The scanners aim to close a loophole by finding non-metallic weapons such as plastic and liquid explosives, which the TSA considers a major threat. The machines raise privacy concerns because their images reveal outlines of private body parts.
If I were to remove my pants at an airport, I'd be arrested for indecent exposure. This would be unfair, because in my case exposure can never be indecent, but you get my point.
Anyway, supposing I don't want to be exposed in this way?
Passengers at the test airports will be instructed to go through the new scanners. Anyone who doesn't want to go through will be allowed to refuse and instead go through a metal detector and receive a pat-down, [TSA spokesman Christopher] White said.
So my choices are to either have photos taken of my naughties, or to have my naughties touched by someone from the TSA? Maybe I just won't ride in an airplane anymore. Or maybe I'll just go to an airport that doesn't use such intrusive measures in the name of "safety."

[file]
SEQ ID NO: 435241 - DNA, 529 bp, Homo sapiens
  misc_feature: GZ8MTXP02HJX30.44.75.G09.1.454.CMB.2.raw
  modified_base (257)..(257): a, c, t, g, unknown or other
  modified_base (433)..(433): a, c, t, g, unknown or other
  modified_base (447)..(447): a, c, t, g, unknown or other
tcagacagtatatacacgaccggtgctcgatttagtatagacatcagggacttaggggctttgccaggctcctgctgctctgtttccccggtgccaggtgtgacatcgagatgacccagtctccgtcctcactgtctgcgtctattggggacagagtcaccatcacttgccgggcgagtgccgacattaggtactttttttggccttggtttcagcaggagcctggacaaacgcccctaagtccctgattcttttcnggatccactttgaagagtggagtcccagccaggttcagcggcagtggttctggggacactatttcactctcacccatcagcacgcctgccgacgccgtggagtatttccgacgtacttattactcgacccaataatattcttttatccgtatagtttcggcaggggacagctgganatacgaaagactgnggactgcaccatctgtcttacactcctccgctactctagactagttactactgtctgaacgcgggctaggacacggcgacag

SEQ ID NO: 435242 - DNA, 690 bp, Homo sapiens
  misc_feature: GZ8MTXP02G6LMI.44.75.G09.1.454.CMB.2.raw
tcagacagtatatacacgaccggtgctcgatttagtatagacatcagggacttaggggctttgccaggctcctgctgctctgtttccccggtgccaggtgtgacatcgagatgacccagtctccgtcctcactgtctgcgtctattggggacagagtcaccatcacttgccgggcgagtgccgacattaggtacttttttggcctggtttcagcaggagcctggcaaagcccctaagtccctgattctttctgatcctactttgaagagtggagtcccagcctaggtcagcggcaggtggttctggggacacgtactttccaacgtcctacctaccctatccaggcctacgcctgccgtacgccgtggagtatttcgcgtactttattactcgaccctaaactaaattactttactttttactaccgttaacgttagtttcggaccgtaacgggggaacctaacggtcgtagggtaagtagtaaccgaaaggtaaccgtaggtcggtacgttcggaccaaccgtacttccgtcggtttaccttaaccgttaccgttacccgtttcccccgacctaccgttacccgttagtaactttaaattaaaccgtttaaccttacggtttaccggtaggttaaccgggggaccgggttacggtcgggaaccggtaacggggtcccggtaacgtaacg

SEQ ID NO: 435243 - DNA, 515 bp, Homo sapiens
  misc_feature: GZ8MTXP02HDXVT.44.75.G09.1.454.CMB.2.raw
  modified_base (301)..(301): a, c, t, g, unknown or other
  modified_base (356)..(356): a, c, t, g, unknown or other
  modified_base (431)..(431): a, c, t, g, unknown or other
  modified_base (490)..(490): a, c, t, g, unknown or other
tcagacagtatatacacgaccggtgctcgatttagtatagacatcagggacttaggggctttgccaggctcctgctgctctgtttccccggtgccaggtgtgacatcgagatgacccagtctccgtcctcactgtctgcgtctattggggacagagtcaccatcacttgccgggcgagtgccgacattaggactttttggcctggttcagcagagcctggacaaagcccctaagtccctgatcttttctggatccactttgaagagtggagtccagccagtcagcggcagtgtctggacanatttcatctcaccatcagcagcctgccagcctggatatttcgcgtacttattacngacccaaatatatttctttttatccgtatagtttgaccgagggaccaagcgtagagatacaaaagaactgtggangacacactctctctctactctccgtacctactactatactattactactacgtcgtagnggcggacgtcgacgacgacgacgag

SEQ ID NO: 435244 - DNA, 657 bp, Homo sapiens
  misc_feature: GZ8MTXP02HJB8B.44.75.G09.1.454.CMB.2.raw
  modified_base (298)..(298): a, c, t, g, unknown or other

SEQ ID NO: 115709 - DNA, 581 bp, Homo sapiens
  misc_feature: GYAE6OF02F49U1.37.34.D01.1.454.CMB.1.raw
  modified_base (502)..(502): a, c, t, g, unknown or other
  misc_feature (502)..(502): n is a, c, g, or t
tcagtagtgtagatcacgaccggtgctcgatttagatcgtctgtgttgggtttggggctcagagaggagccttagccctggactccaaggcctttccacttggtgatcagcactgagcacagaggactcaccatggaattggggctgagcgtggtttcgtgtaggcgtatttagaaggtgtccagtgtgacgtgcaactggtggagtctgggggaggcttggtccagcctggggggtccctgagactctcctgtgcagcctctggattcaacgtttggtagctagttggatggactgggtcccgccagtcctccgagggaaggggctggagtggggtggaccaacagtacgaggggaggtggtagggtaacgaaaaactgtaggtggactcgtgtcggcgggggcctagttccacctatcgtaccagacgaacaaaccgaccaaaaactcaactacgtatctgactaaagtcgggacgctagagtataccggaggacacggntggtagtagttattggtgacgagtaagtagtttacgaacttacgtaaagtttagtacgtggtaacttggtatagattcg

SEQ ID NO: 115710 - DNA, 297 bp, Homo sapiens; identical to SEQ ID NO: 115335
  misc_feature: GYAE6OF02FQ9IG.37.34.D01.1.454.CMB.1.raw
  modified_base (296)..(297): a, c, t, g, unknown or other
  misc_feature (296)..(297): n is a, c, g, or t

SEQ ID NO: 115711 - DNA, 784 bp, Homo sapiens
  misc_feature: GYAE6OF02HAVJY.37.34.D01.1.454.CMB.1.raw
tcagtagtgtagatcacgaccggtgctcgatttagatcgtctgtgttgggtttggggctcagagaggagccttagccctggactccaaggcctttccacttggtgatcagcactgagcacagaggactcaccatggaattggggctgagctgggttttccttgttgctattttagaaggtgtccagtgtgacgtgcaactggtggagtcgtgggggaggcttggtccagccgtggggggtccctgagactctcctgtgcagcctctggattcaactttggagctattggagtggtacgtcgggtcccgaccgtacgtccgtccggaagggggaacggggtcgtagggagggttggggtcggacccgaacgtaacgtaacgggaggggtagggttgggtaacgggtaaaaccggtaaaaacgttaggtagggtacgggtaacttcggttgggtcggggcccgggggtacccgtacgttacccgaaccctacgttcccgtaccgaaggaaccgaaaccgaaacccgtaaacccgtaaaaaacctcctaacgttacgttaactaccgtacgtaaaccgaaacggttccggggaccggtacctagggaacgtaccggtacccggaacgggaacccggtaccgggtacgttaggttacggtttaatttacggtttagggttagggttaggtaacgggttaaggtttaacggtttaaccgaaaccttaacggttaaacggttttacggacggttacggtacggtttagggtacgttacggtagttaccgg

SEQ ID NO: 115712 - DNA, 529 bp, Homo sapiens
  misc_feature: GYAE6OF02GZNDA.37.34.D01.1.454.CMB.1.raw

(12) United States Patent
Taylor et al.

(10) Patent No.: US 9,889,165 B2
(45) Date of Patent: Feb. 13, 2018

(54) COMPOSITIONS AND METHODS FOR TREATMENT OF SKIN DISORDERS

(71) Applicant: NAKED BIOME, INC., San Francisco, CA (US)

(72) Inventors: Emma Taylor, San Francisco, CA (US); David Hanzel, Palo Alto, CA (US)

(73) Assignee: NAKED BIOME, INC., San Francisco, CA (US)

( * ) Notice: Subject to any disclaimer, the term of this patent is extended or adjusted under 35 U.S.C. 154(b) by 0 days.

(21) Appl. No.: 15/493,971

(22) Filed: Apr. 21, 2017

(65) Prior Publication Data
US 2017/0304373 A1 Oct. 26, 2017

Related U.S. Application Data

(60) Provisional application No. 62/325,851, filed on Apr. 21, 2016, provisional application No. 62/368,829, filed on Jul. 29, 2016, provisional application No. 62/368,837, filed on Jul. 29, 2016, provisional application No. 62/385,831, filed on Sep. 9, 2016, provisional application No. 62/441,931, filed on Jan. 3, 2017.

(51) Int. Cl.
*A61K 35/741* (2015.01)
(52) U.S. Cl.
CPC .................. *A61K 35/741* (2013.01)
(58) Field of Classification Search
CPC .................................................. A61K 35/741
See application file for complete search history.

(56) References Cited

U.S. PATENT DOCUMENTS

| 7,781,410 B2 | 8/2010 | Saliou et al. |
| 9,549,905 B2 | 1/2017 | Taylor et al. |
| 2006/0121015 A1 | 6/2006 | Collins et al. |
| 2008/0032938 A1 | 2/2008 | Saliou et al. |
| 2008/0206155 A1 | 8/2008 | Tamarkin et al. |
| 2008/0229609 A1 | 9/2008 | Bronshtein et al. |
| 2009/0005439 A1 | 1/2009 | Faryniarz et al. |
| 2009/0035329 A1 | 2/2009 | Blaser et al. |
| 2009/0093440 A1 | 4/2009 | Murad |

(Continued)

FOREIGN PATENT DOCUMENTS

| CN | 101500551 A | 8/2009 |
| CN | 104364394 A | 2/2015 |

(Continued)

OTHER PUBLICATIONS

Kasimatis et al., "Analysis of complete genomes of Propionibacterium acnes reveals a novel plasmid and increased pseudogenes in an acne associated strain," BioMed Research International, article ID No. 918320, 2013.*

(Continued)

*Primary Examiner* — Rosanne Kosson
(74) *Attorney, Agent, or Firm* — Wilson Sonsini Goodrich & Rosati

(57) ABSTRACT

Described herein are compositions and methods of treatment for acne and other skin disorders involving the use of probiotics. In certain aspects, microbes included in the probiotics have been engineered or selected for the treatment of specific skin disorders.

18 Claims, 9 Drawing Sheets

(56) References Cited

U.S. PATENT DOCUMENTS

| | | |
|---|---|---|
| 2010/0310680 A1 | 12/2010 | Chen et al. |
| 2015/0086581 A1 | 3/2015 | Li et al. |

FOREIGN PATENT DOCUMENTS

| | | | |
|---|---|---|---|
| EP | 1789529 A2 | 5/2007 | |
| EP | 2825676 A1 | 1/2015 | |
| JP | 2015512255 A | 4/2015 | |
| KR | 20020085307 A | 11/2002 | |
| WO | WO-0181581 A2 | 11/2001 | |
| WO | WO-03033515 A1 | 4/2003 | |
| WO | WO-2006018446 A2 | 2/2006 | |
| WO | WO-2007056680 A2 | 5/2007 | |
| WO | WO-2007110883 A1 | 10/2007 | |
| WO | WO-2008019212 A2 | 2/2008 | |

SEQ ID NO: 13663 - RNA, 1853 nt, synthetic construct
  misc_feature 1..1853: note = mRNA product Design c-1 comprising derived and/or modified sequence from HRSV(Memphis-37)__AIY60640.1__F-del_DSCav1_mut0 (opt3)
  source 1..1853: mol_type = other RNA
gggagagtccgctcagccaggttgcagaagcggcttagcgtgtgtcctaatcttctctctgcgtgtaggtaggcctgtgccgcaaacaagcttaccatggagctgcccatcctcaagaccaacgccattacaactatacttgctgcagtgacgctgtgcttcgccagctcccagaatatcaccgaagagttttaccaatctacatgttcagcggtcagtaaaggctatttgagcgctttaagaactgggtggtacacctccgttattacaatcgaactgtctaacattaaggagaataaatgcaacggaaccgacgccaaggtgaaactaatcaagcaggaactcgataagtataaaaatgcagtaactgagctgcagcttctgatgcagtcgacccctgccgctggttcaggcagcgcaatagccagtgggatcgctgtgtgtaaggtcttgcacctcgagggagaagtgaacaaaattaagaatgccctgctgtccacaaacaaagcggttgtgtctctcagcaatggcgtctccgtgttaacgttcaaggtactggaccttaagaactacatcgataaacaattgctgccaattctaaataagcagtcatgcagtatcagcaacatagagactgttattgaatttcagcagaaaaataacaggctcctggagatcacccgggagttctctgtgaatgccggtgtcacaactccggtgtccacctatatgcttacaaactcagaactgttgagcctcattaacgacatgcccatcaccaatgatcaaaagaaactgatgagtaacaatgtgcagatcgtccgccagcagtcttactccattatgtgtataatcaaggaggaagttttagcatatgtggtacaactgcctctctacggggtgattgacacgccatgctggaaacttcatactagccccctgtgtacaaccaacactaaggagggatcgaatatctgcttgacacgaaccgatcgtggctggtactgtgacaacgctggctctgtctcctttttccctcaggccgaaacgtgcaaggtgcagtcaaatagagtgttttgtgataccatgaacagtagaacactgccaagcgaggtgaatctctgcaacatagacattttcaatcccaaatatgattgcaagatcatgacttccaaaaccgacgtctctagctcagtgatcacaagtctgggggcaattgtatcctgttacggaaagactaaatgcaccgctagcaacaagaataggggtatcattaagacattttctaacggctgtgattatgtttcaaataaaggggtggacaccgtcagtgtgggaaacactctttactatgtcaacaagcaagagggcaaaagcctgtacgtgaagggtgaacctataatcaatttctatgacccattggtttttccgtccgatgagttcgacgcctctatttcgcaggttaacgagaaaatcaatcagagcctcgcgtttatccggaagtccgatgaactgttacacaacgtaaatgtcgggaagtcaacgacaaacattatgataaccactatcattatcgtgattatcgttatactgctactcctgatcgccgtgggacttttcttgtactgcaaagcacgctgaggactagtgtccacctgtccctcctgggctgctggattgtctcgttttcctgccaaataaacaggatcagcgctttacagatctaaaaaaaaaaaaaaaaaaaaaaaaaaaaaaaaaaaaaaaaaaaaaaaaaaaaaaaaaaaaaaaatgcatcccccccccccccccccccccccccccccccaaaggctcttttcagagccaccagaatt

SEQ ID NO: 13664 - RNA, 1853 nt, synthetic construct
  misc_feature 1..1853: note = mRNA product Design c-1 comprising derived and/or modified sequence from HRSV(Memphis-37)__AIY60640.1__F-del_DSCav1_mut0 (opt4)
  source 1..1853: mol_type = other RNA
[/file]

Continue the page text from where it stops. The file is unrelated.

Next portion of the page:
If someone could just point me in the direction of those alternative airports, I'd appreciate it.
Okay, I guess you've got me. Still, I'm concerned about my privacy. What does the TSA think about that?
People in the scanner will stand with their arms raised and their face will be blurred out in the metallic-looking image on a nearby screen. TSA screeners view the images from inside a closed room near a checkpoint and immediately delete them.
"We've struck a very good balance between security and privacy," White said.
The representative of the TSA says not to worry, they've struck a good balance between security and privacy. Somehow I do not find that particularly reassuring.
Just a thought: Suppose a small child is going on a flight. Does he have to go through one of these body scanners? And if he does, and the scanner takes pictures of his naughties, would that be considered child pornography?